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Just how busy did Noah have to be?

Anyone who has any familiarity with my weekly columns during the past almost 25 years is aware that I don’t profess to be an authority on the Christian Bible — familiar, yes, authority, no.

Robert McGowan

I have enjoyed reading Bishop John Shelby Spong’s “Why Christianity Must Change or Die.” Karen L. King, professor of New Testament studies and history of ancient Christianity, Harvard University, writes: “Bishop Spong’s book should be required reading for everyone concerned with facing head-on the intellectual and spiritual challenges of the late twentieth-century religious life.”

Also, I’ve enjoyed Spong’s book, “Rescuing the Bible from Fundamentalism — a Bishop Rethinks the Meaning of Scripture,” which was a national bestseller.

Today’s column, however, is not about these two books, specifically. My main source of statistics is from the writings of one of my favorite authors, Edward O. Wilson, and I would like to relate those statistics to the story of the flood and Noah’s ark in the Old Testament.

Dr. Wilson is a professor of entomology at Harvard University. In addition to two Pulitzer Prizes, he has won many scientific awards, including the National Medal of Science.

Dr. Wilson’s special interest is the natural history of ants. He speaks of several collecting trips focusing on ant biology.

He writes of a collecting trip in the Peruvian rain forest (“Journey to the Ants”) in 1994. In one site alone of 20 acres, Wilson and other collectors identified more than 300 species of ants. They identified 43 species from a single tree.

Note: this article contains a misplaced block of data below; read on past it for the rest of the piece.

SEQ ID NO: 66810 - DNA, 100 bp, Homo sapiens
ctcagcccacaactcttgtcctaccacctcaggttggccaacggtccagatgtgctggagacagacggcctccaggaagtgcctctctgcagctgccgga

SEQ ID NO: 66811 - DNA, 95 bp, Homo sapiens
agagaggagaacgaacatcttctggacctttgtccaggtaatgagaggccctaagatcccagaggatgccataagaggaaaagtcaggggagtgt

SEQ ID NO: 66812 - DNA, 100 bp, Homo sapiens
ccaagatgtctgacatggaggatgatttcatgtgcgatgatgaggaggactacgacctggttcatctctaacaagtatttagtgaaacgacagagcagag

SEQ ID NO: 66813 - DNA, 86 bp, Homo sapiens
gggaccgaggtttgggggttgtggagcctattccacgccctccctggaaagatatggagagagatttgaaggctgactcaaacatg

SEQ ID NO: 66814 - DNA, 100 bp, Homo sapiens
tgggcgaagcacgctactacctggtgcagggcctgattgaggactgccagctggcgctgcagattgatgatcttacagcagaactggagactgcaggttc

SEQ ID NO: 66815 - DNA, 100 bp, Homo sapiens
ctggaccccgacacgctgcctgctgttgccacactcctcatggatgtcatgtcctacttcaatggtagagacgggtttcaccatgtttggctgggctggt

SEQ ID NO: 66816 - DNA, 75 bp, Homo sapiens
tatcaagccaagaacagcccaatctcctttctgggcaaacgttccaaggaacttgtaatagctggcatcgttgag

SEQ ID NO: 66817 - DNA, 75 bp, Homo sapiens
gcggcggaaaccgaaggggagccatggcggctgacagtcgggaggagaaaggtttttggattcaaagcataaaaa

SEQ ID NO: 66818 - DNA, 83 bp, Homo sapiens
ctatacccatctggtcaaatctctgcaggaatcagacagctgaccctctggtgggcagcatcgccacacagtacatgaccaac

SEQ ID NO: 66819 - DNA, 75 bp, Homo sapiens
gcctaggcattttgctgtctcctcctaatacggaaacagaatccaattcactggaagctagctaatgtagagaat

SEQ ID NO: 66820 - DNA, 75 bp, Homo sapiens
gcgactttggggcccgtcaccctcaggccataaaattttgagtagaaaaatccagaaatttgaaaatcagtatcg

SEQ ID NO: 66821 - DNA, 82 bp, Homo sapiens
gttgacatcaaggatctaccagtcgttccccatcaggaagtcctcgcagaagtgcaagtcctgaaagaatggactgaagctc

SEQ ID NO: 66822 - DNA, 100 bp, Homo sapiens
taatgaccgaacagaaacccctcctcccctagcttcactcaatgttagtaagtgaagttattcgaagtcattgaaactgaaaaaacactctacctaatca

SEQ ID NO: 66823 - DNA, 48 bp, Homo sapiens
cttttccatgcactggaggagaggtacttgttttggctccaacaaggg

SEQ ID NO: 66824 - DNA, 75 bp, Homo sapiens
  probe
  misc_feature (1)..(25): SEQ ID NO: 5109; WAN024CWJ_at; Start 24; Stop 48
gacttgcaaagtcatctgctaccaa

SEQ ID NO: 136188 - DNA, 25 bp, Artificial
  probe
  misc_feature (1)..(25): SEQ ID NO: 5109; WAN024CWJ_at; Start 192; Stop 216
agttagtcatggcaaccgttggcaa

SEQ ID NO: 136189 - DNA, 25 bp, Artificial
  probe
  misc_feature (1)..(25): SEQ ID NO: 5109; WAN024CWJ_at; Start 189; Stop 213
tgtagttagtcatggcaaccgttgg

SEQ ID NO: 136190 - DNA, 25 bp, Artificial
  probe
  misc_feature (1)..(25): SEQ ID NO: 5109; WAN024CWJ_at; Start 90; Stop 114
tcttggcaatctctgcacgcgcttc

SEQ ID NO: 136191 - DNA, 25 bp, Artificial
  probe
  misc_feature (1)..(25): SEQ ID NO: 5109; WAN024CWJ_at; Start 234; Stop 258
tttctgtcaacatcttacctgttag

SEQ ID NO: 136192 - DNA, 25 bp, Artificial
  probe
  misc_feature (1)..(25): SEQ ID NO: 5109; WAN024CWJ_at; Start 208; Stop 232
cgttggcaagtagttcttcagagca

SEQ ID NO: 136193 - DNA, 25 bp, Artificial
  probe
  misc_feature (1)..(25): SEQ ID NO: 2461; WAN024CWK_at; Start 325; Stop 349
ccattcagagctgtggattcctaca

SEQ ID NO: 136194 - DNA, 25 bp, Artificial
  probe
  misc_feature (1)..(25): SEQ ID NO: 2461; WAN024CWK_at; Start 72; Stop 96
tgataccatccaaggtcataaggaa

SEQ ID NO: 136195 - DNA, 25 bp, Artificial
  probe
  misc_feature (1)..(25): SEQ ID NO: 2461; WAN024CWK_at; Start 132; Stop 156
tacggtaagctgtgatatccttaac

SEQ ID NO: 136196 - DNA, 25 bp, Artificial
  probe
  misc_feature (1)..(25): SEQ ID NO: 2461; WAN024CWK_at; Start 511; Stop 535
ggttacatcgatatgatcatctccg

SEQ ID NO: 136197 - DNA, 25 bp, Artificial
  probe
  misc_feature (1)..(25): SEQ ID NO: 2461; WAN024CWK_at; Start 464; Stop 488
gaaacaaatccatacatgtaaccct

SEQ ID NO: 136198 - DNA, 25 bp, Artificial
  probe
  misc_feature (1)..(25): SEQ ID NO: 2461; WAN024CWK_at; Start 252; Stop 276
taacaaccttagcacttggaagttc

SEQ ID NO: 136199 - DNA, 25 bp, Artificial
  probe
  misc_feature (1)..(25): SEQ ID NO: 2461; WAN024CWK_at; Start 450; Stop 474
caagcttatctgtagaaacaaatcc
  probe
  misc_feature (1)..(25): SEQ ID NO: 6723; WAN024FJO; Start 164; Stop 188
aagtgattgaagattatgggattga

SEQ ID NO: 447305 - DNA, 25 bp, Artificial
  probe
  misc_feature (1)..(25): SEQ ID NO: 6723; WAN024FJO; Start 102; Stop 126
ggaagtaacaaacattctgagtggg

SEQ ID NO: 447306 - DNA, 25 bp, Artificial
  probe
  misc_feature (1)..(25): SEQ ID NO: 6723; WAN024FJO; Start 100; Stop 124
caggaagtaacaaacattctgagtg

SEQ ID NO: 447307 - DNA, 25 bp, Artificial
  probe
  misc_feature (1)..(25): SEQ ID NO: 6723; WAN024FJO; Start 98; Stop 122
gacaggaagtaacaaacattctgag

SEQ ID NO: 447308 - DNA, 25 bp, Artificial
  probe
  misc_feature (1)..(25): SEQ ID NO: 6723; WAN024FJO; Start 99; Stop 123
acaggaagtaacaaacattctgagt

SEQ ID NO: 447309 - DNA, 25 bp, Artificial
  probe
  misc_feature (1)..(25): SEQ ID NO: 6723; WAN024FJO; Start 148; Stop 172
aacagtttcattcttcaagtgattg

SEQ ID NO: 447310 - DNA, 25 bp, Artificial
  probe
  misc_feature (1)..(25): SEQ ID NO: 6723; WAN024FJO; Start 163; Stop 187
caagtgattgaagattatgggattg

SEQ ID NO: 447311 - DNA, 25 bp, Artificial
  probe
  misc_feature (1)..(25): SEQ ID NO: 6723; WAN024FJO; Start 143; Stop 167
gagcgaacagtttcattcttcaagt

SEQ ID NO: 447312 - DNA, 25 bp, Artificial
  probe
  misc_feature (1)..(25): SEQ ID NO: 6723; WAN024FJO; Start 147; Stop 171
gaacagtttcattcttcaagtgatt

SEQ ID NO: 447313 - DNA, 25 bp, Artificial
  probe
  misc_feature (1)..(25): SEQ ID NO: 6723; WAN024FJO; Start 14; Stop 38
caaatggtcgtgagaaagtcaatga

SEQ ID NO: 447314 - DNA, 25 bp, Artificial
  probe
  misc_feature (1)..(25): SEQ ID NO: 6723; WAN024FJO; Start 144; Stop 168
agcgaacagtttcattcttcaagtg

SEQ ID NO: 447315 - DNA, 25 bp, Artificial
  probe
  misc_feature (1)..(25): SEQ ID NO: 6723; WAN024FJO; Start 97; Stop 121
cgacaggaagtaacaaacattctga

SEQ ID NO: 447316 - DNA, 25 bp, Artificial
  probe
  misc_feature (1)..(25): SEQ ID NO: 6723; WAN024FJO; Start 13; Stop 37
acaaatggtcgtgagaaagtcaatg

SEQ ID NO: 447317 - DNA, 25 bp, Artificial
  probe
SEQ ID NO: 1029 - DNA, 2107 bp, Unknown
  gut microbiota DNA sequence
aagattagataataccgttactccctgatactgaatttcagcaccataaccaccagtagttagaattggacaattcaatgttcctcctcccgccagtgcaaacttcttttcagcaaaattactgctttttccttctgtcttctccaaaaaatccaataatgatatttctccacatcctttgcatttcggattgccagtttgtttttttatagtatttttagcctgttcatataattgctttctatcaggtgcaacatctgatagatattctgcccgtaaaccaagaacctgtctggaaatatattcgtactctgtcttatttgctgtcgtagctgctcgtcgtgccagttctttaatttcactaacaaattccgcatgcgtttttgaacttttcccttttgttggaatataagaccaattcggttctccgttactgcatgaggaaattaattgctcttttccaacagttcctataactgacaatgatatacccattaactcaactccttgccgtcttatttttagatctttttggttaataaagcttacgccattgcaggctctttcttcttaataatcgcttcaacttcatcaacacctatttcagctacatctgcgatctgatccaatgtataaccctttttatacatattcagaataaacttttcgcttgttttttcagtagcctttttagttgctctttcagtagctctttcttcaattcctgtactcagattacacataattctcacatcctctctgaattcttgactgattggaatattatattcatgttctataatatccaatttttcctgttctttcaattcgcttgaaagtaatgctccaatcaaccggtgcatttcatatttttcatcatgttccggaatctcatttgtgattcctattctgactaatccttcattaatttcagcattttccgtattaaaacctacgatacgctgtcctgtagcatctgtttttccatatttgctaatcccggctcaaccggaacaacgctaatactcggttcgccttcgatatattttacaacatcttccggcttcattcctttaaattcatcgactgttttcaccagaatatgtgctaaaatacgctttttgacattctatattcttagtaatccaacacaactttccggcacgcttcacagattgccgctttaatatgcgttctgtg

A grand total of 750,000 species of insects that have been recognized by biologists as of this date. That includes ants. About 2,000 species of termites are known to science.

The above figures are about ants. They range 20,000 or more species from the Artic Circle to the tip of South America. But what about the number of other species on Earth?

According to Dr. Wilson the number could be close to 10 million or as high as 100 million (So — if you should be interested in taxonomy (scientific classification of plants and animals), there is plenty of work out there for you. My main interest in biology was plant classification.

The literal account in the Bible says that the flood covered the whole earth (Genesis 7: 19, 20). For the flood waters to be literately true, the waters would have to be five miles deep. “A universal flood that covered the whole earth is not factual in human history. It exists only in our mythology.”

Yes — Noah had to be a very busy man, a great collector of plants and animals with a place to put them.

I have enjoyed reading Bishop Spong’s books, and, also I have tried to collect and read the books of Edward O. Wilson, including “The Future of Life.”


Written by Robert McGowan, a Bartlett resident, former professor of biology at the University of Memphis and regular columnist for The Bartlett Express. Contact him at (901) 828-6039 or via email at ellen1324@gmail.com.

 

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